Tamiflu-like Drugs Face Long Odds Against Covid ‘Runaway Tra
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The flu fighter Tamiflu is one of the most recognizable antiviral medications in the world -- but its weaknesses suggest that devising a similarly simple treatment for Covid-19 will be challenging.

“Putting that as your first line of defense is a dangerous choice to make," said Stephanie DeWitte-Orr, who studies antivirals and immunity at Wilfrid Laurier University in Waterloo, Ontario. While antivirals are an important backup in the fight against Covid, she said, in most cases, that’s all they should be –– a backup plan.

~ ‘Runaway train’

Tamiflu, otherwise known as oseltamivir, was developed by Roche Holding AG, approved in the US in 1999, and has been available as a generic since 2016. More than 100 regulators, approved the drug based on a rigorous review of its trials. Public health authorities including the World Health Organization and the Centers for Disease Control and Prevention, along with doctors’ groups, recommend it in their guidelines for flu treatment and prevention, Roche said.

Like most antivirals, Tamiflu blocks or slows replication of virus that’s already in the body. If taken quickly, Tamiflu can reduce the duration of infection by one to two days, studies show. “The benefits are, in an average healthy person, perhaps not that meaningful," said William Schaffner, a Vanderbilt University infectious disease expert who advises the US Centers for Disease Control and Prevention.

But, like Covid, flu infections mount relatively quickly. Most people don’t start taking Tamiflu within the recommended 48 hours from the start of infection, Schaffner said. The longer the virus stays on offense, the less effective the drug becomes. “It’s like trying to get in front of a runaway train," Laurier’s DeWitte-Orr said.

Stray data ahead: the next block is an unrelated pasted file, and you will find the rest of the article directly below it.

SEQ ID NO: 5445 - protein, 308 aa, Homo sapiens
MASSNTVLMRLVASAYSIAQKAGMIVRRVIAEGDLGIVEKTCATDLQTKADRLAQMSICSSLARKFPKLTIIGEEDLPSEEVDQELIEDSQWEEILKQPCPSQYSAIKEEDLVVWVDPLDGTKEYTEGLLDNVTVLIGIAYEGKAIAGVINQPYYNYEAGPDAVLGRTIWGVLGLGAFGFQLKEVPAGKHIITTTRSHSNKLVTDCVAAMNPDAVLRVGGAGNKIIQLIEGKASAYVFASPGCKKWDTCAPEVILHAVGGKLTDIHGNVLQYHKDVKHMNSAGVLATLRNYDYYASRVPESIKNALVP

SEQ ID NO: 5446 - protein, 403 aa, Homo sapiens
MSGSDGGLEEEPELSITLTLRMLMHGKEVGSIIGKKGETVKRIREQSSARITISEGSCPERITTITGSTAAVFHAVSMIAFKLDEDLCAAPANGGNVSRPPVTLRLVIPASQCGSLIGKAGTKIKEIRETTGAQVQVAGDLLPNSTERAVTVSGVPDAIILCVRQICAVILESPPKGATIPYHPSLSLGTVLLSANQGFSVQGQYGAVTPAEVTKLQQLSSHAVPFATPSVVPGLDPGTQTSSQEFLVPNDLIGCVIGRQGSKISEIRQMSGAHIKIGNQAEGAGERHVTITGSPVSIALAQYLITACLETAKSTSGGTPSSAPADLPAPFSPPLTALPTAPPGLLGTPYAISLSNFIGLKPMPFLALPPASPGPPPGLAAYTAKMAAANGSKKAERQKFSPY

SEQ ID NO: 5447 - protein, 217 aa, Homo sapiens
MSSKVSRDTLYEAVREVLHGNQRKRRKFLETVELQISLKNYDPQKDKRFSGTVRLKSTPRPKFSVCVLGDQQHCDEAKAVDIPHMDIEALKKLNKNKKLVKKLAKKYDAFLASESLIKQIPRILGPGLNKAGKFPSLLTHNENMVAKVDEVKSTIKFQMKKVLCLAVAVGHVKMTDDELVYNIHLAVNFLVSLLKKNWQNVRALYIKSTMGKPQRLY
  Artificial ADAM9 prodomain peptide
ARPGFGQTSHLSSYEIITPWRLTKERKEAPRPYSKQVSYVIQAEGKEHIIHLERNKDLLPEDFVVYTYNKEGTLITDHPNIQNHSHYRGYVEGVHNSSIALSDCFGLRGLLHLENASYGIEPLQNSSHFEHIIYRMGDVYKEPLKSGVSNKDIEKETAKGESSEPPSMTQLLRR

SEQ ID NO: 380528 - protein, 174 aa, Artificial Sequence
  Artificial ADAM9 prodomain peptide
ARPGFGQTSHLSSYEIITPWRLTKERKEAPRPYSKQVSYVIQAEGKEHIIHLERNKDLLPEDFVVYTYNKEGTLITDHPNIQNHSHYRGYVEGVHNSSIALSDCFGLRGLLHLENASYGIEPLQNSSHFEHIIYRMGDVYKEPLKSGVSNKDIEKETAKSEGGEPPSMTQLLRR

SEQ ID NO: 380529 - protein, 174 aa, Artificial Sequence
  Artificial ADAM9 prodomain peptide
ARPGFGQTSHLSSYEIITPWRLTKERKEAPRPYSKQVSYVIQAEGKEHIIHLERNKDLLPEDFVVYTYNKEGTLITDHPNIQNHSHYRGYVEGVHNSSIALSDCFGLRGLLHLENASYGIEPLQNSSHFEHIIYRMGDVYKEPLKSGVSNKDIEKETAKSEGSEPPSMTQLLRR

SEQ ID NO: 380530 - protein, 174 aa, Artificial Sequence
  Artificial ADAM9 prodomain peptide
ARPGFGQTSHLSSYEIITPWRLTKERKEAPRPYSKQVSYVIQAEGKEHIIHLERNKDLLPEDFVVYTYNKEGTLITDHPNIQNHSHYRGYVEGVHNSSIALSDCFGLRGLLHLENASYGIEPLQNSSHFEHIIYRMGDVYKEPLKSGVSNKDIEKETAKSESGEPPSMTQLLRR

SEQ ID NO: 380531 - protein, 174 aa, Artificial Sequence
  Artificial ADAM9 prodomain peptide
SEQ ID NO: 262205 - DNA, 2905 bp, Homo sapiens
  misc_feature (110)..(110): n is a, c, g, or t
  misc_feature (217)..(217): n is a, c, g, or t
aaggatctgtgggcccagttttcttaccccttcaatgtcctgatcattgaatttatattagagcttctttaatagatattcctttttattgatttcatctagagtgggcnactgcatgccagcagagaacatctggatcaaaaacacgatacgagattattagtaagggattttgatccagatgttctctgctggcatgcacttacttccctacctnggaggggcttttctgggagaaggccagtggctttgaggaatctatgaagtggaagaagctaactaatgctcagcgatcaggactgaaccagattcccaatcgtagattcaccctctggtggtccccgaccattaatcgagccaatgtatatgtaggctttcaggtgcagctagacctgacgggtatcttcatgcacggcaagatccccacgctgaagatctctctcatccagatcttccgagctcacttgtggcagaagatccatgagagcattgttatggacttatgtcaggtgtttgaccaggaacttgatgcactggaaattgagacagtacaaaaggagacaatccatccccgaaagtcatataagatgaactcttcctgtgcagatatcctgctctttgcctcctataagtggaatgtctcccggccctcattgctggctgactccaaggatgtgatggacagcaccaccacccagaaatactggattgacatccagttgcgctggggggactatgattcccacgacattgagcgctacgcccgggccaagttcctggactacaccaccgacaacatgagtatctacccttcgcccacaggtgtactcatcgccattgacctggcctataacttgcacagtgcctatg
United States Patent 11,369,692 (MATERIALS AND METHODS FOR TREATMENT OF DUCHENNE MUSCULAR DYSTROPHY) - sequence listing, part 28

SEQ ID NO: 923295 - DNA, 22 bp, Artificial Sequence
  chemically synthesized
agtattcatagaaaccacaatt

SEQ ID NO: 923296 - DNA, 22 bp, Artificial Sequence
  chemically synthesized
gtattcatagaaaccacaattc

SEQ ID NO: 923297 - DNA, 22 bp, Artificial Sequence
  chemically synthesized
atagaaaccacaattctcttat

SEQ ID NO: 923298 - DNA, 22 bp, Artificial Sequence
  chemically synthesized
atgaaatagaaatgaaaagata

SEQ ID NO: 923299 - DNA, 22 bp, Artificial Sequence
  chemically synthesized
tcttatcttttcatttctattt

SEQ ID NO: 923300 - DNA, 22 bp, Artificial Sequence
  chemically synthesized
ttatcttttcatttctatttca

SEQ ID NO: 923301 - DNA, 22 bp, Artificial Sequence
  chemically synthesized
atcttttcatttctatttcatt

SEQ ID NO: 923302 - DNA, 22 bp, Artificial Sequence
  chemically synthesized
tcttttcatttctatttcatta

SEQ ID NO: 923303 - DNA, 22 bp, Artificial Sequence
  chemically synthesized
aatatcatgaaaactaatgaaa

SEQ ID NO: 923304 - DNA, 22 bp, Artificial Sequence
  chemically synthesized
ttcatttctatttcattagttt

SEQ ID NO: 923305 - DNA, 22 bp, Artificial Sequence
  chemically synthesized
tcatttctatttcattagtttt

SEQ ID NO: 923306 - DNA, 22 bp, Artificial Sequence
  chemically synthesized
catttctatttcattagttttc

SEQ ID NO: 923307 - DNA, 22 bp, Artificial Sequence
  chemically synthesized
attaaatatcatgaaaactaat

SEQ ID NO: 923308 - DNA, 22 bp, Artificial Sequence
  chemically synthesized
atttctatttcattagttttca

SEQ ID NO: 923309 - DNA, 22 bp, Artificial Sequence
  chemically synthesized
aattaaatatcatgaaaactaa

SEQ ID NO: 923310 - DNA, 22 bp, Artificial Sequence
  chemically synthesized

Another issue that can quickly arise with antivirals, especially when they’re overused, is resistance. The US spent more a billion dollars to stockpile Tamiflu before the 2009 pandemic caused by swine flu only for the virus to develop resistance, rendering the drug ineffective for millions.

~ Combating Covid

Numerous drugs have laid siege to Covid and failed, starting with the antimalarial drug hydroxychloroquine that was touted by former President Donald Trump. Other medications have met with some success. Like Tamiflu, Gilead Sciences Inc.’s remdesivir, the only Covid antiviral cleared for use in the U.S., aims to slow virus replication. But because it’s administered intravenously in the hospital over days, it’s inaccessible to people in the early stages of disease.

Monoclonal antibodies from Eli Lilly & Co. and Regeneron Pharmaceuticals Inc. target proteins on the viral surface, and appear effective at reducing related hospitalizations among high-risk patients. While these are used to treat patients before they become acutely ill, they must also be given by IV, and are costly.

A cheaper, oral alternative would be particularly attractive. “If we can get to something fairly cheap, like Tamiflu, that will be a major breakthrough," Woods said.